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Food for thought: Mags Hall’s quest to take recipe for sustainability to Holyrood

Food and Fife are fundamental to Mags Hall, and she could soon be fighting on both fronts at Holyrood if she is backed by voters to cross the Firth of Forth next year.

The co-convener of the national council of the Scottish Greens will be second on the party’s Mid Scotland and Fife regional list, behind her boss, Mark Ruskell MSP.

Success next year would complete an unexpected journey for the sustainable food campaigner, from grassroots activist to parliamentarian.

“I never thought of myself as political, I just thought I was opinionated,” said Ms Hall, who grew up in Kincardine and is based in Dunfermline.

“Going to school in the New Labour era and going to university in the early to mid-2000s, there were political events going on – it was the early days of the Scottish Parliament, there was the Iraq War.

“But there was also a real disillusionment with Establishment politics, anyway, and certainly in the circles I moved in.

“If you really wanted to change things you wouldn’t go into politics, you would go into community organising, or you’d look to alternative movements, things like the Occupy movement, which I was always very interested in, and things like the permaculture movement for environmental sustainability.”

Charity sector work

Ms Hall studied English literature and history of art at Glasgow University before going travelling, but the lure of Fife could not keep her away for too long.

“I came back to Dunfermline in 2009, just for what I thought was going to be a temporary stopover while I figured out what I wanted to do, and I’m still here,” she said.

“It’s the story for a lot of people, in this area, anyway, who grow up thinking that they are going to leave and then come back and think, actually, it’s a really nice place to live and there’s lots of opportunities, so I might as well stay.”

Dunfermline Abbey.

In the following years her interest in sustainable food, and the policies which affect it, began to grow.

“I worked in the charity sector initially. I did charity fundraising and then I worked for a small, local, third sector organisation on food policy and campaigning,” she said.

“That was my route into politics, really, looking at the environmental and social impact of our food system, and how local and national politics has a big role to play in that, and has a big role to play in community building as well.

“I was very much passionate about the grassroots side of things, and community facilitation, but kept coming into the barrier of policy at a higher level, and realising that, actually, as well as empowered and supported local communities, you need people at a higher level in politics who understand these kind of things.”

Ms Hall moved from fundraising into organising in 2012 and 2013, around the point that the politics of Scotland were entering a new era.

‘It had to be the Greens’

“Like a lot of people of my generation, it was 2014 and the independence referendum that really brought me into mainstream politics, and party politics in particular,” she said.

“And just because I was coming from an environmental background, it really had to be the Greens. There was no other option, to be honest.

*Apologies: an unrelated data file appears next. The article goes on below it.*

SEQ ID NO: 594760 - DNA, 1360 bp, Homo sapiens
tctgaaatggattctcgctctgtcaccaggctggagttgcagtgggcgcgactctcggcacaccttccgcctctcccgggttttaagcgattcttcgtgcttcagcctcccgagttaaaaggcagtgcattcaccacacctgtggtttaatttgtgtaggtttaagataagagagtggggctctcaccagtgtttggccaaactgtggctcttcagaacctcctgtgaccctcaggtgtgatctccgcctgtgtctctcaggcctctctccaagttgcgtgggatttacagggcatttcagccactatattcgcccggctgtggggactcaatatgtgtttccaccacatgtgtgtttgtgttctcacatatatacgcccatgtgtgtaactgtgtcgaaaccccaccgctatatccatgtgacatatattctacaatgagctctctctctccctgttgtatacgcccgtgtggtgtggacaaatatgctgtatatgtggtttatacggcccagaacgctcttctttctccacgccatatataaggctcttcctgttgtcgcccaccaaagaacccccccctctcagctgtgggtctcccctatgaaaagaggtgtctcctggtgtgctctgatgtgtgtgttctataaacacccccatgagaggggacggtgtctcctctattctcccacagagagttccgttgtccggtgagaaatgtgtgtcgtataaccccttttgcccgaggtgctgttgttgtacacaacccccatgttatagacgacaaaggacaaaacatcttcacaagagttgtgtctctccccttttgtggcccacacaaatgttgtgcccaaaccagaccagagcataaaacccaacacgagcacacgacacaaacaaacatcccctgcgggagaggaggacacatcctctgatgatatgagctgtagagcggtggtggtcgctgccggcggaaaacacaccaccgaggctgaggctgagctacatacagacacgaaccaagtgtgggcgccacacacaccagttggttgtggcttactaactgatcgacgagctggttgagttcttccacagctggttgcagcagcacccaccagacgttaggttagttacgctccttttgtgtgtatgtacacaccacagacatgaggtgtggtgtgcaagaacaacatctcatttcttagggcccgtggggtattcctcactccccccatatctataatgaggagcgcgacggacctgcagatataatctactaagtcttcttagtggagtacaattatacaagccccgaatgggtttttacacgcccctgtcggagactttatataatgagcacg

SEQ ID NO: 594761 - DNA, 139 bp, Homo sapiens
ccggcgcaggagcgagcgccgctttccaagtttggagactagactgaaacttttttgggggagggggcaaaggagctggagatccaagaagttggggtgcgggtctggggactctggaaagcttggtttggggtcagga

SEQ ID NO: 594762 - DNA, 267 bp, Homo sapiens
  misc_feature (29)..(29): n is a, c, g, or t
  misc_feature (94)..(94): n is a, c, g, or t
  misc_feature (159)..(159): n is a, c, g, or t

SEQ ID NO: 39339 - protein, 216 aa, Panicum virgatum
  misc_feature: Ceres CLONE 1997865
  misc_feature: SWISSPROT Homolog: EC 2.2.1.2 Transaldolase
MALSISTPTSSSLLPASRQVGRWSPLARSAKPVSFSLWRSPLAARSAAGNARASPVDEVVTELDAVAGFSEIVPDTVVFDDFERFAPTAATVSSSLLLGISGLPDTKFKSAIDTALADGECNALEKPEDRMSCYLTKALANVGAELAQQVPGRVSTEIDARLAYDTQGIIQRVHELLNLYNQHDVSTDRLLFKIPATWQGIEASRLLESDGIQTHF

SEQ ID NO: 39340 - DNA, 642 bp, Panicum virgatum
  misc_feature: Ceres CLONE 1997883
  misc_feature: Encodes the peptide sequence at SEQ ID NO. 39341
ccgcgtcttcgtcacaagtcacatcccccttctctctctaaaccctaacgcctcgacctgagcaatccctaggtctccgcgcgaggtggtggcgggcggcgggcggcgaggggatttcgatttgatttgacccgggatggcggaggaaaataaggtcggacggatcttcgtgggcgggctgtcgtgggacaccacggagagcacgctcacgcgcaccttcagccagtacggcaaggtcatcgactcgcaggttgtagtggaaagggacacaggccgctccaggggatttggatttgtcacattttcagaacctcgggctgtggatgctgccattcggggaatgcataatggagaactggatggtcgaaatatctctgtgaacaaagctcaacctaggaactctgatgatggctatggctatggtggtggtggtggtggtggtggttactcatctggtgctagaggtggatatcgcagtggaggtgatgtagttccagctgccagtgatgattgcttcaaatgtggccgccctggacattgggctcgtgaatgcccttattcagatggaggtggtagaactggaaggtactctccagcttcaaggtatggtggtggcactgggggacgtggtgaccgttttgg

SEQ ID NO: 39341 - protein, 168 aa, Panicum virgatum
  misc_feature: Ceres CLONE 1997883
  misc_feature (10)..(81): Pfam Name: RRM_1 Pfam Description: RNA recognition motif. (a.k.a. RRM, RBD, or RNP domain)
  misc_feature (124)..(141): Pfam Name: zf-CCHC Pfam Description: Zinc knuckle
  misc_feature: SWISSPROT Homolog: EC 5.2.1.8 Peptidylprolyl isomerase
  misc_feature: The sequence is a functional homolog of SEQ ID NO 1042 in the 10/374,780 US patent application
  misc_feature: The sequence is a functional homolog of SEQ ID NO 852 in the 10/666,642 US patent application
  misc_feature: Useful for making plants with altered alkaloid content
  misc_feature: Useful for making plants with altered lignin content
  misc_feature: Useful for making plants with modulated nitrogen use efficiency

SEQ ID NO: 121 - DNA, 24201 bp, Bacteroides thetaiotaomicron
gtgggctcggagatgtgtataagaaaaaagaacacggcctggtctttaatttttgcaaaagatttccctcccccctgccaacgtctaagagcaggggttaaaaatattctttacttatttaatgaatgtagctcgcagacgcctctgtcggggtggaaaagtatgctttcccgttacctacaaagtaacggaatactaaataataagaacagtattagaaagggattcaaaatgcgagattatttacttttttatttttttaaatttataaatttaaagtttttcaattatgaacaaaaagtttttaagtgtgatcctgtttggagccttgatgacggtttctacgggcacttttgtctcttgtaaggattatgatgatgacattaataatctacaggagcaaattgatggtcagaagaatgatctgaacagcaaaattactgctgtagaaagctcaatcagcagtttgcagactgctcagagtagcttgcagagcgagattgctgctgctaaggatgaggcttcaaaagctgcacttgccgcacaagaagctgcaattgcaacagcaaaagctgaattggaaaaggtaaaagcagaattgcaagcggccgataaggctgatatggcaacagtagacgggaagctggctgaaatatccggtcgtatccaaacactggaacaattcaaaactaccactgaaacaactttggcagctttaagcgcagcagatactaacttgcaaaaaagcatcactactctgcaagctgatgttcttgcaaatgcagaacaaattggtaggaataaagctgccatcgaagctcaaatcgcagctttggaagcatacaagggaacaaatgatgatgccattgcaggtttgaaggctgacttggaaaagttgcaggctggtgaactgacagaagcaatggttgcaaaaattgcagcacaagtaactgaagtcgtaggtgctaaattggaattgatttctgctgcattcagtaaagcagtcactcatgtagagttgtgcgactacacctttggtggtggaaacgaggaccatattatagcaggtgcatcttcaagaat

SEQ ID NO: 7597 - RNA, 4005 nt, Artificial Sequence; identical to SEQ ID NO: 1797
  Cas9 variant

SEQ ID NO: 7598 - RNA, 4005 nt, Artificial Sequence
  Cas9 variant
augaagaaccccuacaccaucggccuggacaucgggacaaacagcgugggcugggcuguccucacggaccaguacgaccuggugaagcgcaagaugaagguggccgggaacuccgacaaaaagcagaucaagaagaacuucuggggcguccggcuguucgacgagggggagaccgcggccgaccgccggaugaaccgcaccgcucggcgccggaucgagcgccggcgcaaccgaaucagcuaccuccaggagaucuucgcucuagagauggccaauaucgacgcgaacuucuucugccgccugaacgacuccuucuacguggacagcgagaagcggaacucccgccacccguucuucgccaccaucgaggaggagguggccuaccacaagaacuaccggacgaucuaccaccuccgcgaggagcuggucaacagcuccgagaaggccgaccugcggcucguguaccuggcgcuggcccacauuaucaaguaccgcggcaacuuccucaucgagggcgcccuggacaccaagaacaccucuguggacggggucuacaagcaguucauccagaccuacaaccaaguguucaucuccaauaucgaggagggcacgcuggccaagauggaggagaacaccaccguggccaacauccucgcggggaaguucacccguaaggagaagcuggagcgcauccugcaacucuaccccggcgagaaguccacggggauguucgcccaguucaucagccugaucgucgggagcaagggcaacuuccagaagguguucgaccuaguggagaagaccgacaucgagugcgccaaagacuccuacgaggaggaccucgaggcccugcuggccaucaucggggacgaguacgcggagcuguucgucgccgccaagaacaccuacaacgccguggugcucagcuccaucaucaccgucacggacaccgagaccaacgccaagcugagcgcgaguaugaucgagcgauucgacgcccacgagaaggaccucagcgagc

“Nobody else could match the Greens in terms of understanding how environmental sustainability and social justice have to be hand-in-hand.

“So, yeah, I joined the Greens the day after the independence referendum, like a lot of people, trying to turn the disappointment of the indyref into a positive action.”

Ms Hall helped out at the 2015 general election, but her involvement became full-time at the Holyrood poll of 2016, when she worked as a regional organiser for the campaign to get Mr Ruskell elected.

Mark Ruskell makes his way to the debating chamber for first minister’s questions.

“That’s when I started to get really involved and really excited about the idea of elections, because Holyrood is obviously our big opportunity as Greens, it’s where we make the biggest difference, it’s where we get the most people elected,” she said.

“That was a great campaign to be involved in. It was really exciting and positive. There was a lot of energy and enthusiasm from people, like me, who had joined the Greens after the independence referendum.

“Seeing the shift, not just the shift in the polls, but the shift in the conversation around what Holyrood is for, and what do we need to do, not just to get a second referendum, but to win it.

“And how we can share the positive vision that the Greens have for Scotland, after independence but also now.

“How we can positively use all the powers we have in the Scottish Parliament to the absolute max, to build a better Scotland, and also, through that, to persuade people about independence.”

Scottish Greens co-leader Lorna Slater.

Ms Hall continued to work with the party at Holyrood after the election, an experience that finally convinced her to put herself forward for election.

“Over the first couple of years, 2016 and 2017, seeing the impact that just six Green MSPs made at Holyrood, and seeing our ability to shift conversations around about the Budget, around about the Climate Change Bill, and around about climate change targets and things like that, it was a huge motivator for me to think, ‘well, actually, you can make a difference’,” she said.

Ms Hall stood for the Greens in Dunfermline and West Fife at last year’s general election, finishing fifth but raising hopes with her performances that the party could have two MSPs elected in the Mid Scotland and Fife region next year.

Scottish Greens co-leader Lorna Slater: “Mags is Fife through and through. She is already the party’s expert on sustainable food and she knocked the socks off some very experienced political opponents in a live debate in the general election campaign.”